How do you deal with a procrastinating husband? Do you try to nag him into submission?
You nag and nag. But he doesn’t change.
(When you repeat a complaint or request over and over and over, it’s called nagging.)
You’ve asked him three times this week to take out the trash. But the overflowing bin still sits in the same place, stinking up the kitchen.
The more you ask, the more he resists.
Complainer vs. Procrastinator
You’re ticked, and it’s game on: The Complainer vs The Procrastinator.
No one’s going to win.
Yes, procrastination is a response to something he’s lacking.
He doesn’t lack arms. You just want him to Take. Out. The. Trash.
I get it. But it’s more complicated than that. Instead of telling you how your “demands” or complaints make him feel, he ignores your request. He might not be aware he’s doing it.
Early in my marriage, I used relationship-repelling patterns of behavior. Instead of telling my husband what I needed, I’d play emotional games to get it. Sometimes I wasn’t even aware of it.
So how do you “fix” a procrastinating husband?
Complaining Won’t Change Him
Complaining about it won’t “fix” him.
He may seem like an uncaring, lazy bum, but he’s responding in the way he’s used to responding when he feels like someone’s bossing him around.
It seems like a simple thing, but he established patterns of relating to people way before he met you. And yours were established before you met him.
Learn about his family
If your husband grew up in a household where excessive complaining or controlling was common, he may not respond well when you complain or make requests he thinks are controlling, whether they’re controlling or not.
You may think his response means he doesn’t care about what you want or he’s ignoring you.
In reality, he may not be responding to you at all. He may be “responding” or mimicking the behavior of his controlling father or complaining mother. He’s using the only method he knows.
Don’t try to psychoanalyze him and pretend you’re his therapist.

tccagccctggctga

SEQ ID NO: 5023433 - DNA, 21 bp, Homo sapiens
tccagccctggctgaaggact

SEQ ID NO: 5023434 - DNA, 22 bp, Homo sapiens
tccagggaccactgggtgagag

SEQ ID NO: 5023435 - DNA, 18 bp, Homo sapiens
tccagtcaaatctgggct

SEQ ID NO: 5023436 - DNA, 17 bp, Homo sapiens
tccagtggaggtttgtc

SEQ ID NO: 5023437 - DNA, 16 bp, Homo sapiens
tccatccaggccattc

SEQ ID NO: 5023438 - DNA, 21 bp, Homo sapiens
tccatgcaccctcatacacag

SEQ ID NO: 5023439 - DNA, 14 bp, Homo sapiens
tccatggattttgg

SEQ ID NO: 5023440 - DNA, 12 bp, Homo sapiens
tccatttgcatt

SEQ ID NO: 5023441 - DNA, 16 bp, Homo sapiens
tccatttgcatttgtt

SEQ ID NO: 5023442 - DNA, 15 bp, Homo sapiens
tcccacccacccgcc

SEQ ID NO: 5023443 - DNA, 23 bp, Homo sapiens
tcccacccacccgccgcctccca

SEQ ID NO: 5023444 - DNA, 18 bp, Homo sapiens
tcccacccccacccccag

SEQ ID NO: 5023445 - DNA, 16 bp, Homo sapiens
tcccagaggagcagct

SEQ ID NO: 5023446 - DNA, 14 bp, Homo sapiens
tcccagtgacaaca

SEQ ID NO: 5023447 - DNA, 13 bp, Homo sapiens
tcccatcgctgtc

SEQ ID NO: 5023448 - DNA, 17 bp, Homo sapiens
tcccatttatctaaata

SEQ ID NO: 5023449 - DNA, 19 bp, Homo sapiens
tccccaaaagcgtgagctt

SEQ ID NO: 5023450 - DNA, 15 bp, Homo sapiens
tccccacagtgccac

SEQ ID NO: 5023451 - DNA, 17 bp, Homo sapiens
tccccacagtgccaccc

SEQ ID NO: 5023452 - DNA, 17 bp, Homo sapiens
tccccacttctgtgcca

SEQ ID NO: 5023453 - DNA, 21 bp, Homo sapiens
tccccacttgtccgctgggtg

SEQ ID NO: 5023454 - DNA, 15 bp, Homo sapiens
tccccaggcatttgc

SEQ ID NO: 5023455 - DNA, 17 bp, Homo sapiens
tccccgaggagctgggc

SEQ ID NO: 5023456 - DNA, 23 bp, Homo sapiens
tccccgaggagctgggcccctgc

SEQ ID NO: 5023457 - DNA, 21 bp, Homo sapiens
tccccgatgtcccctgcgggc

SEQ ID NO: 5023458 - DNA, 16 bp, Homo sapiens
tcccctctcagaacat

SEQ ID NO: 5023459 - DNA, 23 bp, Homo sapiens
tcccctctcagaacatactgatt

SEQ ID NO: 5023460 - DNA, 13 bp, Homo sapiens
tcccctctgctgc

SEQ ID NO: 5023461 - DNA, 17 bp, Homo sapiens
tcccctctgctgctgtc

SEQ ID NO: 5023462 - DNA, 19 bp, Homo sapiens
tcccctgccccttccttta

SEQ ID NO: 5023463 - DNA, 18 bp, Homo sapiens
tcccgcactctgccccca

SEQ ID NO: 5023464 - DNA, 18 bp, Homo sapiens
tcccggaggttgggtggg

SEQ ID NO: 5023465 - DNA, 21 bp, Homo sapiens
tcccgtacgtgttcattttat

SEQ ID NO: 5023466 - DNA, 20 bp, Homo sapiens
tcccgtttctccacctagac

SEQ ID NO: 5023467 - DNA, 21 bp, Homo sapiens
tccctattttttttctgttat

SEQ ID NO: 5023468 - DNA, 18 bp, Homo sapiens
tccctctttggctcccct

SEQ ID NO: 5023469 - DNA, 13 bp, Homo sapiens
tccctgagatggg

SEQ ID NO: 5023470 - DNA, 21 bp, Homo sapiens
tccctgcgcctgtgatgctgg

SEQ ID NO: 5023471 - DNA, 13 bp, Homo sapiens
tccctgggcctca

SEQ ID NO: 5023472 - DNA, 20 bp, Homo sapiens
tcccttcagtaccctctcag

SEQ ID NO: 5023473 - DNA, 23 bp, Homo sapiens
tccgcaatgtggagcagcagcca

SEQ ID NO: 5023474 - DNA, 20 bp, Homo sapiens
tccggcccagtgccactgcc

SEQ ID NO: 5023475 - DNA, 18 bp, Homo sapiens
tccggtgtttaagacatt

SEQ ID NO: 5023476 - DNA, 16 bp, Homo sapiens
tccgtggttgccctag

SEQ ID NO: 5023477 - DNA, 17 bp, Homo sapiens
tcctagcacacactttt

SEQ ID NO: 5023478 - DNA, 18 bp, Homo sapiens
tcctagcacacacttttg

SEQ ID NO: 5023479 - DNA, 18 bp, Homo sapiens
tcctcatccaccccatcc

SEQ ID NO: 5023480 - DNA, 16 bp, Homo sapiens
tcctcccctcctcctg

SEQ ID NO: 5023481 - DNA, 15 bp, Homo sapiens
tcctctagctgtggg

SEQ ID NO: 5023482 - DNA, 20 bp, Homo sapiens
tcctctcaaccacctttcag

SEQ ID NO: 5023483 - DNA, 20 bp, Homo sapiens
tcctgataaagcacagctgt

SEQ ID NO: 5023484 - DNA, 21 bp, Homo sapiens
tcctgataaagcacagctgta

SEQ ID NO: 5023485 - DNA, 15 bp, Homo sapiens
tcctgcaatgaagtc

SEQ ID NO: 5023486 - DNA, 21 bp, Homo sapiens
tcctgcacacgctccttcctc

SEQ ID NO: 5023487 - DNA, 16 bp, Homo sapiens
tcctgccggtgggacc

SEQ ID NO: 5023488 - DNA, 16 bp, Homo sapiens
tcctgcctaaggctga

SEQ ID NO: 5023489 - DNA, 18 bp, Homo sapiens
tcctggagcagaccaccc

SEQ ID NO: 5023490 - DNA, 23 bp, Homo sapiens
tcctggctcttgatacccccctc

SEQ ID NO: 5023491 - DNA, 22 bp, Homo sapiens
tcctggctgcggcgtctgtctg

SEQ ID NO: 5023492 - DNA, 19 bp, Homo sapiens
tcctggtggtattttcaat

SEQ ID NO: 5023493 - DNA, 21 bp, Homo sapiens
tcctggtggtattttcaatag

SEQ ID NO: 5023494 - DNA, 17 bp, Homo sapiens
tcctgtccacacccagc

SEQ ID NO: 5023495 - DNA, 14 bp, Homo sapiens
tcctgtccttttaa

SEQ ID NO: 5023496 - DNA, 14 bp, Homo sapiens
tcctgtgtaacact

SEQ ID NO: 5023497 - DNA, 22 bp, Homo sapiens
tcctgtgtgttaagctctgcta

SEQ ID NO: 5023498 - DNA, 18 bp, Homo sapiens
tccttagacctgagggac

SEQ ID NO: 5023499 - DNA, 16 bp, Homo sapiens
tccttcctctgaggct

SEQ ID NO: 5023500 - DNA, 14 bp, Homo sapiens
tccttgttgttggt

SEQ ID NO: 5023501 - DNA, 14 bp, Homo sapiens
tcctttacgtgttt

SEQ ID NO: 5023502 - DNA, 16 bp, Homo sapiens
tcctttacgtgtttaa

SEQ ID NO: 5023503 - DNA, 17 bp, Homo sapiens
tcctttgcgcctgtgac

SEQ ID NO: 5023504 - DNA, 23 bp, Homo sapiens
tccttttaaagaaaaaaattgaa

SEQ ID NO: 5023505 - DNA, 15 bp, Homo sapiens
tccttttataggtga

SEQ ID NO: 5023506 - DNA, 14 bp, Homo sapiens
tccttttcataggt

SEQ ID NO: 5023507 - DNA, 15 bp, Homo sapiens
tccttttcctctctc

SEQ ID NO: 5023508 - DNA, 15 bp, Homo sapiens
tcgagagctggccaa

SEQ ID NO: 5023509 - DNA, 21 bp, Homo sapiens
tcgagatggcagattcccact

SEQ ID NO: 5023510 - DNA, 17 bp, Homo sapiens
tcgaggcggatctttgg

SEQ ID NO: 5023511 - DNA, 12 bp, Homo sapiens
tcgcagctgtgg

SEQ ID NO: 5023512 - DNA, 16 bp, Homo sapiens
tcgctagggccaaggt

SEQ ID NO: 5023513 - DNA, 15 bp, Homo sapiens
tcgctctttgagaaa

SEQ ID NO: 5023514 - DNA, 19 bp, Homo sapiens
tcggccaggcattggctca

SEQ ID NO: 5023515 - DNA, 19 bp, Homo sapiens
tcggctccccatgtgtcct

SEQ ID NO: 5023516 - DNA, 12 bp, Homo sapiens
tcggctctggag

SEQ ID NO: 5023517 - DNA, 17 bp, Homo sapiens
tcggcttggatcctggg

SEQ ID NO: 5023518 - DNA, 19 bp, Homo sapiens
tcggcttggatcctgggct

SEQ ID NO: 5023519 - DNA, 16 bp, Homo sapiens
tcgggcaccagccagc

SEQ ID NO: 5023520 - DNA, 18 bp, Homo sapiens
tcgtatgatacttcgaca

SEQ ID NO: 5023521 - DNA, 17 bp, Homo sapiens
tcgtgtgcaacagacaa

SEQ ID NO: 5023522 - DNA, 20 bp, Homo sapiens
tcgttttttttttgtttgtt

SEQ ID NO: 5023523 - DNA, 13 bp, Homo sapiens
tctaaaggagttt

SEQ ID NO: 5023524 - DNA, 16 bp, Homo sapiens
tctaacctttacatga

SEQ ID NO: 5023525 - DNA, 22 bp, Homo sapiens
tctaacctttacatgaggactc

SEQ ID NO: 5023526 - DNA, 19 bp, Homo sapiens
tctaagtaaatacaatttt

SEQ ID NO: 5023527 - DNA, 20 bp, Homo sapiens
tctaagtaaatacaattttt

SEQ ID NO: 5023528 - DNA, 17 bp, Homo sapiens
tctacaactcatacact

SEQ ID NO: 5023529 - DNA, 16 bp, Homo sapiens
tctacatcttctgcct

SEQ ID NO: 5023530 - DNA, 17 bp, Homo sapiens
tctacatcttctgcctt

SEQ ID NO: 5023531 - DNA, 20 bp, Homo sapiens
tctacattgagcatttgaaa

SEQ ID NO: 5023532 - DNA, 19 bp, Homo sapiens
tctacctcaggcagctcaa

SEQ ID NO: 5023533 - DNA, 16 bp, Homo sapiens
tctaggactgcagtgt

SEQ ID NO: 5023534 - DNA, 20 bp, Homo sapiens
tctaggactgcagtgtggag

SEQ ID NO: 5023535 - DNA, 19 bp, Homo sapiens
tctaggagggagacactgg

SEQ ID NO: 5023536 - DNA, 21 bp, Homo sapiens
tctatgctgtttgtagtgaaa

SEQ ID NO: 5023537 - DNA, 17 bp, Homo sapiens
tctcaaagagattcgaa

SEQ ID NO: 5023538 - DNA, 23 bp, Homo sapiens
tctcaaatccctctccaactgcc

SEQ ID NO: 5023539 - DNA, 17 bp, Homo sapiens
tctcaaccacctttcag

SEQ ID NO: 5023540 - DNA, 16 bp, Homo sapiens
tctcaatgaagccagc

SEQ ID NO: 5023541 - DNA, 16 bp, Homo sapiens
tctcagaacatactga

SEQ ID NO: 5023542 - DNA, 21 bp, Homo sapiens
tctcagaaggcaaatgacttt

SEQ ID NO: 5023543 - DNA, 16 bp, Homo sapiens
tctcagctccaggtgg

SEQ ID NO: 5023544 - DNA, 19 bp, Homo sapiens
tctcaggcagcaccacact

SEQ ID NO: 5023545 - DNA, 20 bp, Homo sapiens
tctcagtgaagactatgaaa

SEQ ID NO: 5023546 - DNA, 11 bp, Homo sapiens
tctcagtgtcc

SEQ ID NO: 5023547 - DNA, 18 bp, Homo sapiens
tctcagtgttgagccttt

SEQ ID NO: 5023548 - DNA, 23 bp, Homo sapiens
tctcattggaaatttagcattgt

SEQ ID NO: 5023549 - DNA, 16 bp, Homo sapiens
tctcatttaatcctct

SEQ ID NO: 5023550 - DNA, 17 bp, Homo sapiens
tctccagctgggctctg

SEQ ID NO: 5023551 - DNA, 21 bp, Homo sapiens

That’ll probably make him mad. But when you begin to understand why he responds the way he does, you can make an effort to respond differently instead of getting mad or feeling hurt.
People usually “play” games because that’s all they know. That’s how they’re used to trying to get their needs met.
Marital games are never fun, and there’s never a winner. They only up the ante on negative emotions.
God created us with emotional intimacy needs. He also provides ways to get them met.
Your “lazy” husband might feel unappreciated.
7 Ways to Deal With a Procrastinator Without Losing It
Here are seven ways you can live with a procrastinator without losing your mind:
1. Accept you can’t change him.
2. Decide not to get angry, bitter or nag.
3. When he procrastinates, clarify your request–Honey, will you take care of the trash when you get home today?
4. If he agrees but still doesn’t follow through, gently and lovingly point out it hasn’t been done and give him a timeframe–I can take care of the trash tomorrow if you can’t get to it tonight.
5. If he still doesn’t follow through, then:
- Do it yourself (without bitterness)
- Hire someone, if you can’t do it (without bitterness)
- Let it remain undone, especially if the consequences will affect him
6. If he’s willing to talk, ask him to tell you how your request makes him feel.
7. Ask God to help you both understand your emotional needs and give you a desire to meet them for one another.
Set aside some time to talk about your needs. You may discover learning about his childhood and understanding yours does wonders for your marriage.
How might your emotional needs be affecting your marriage?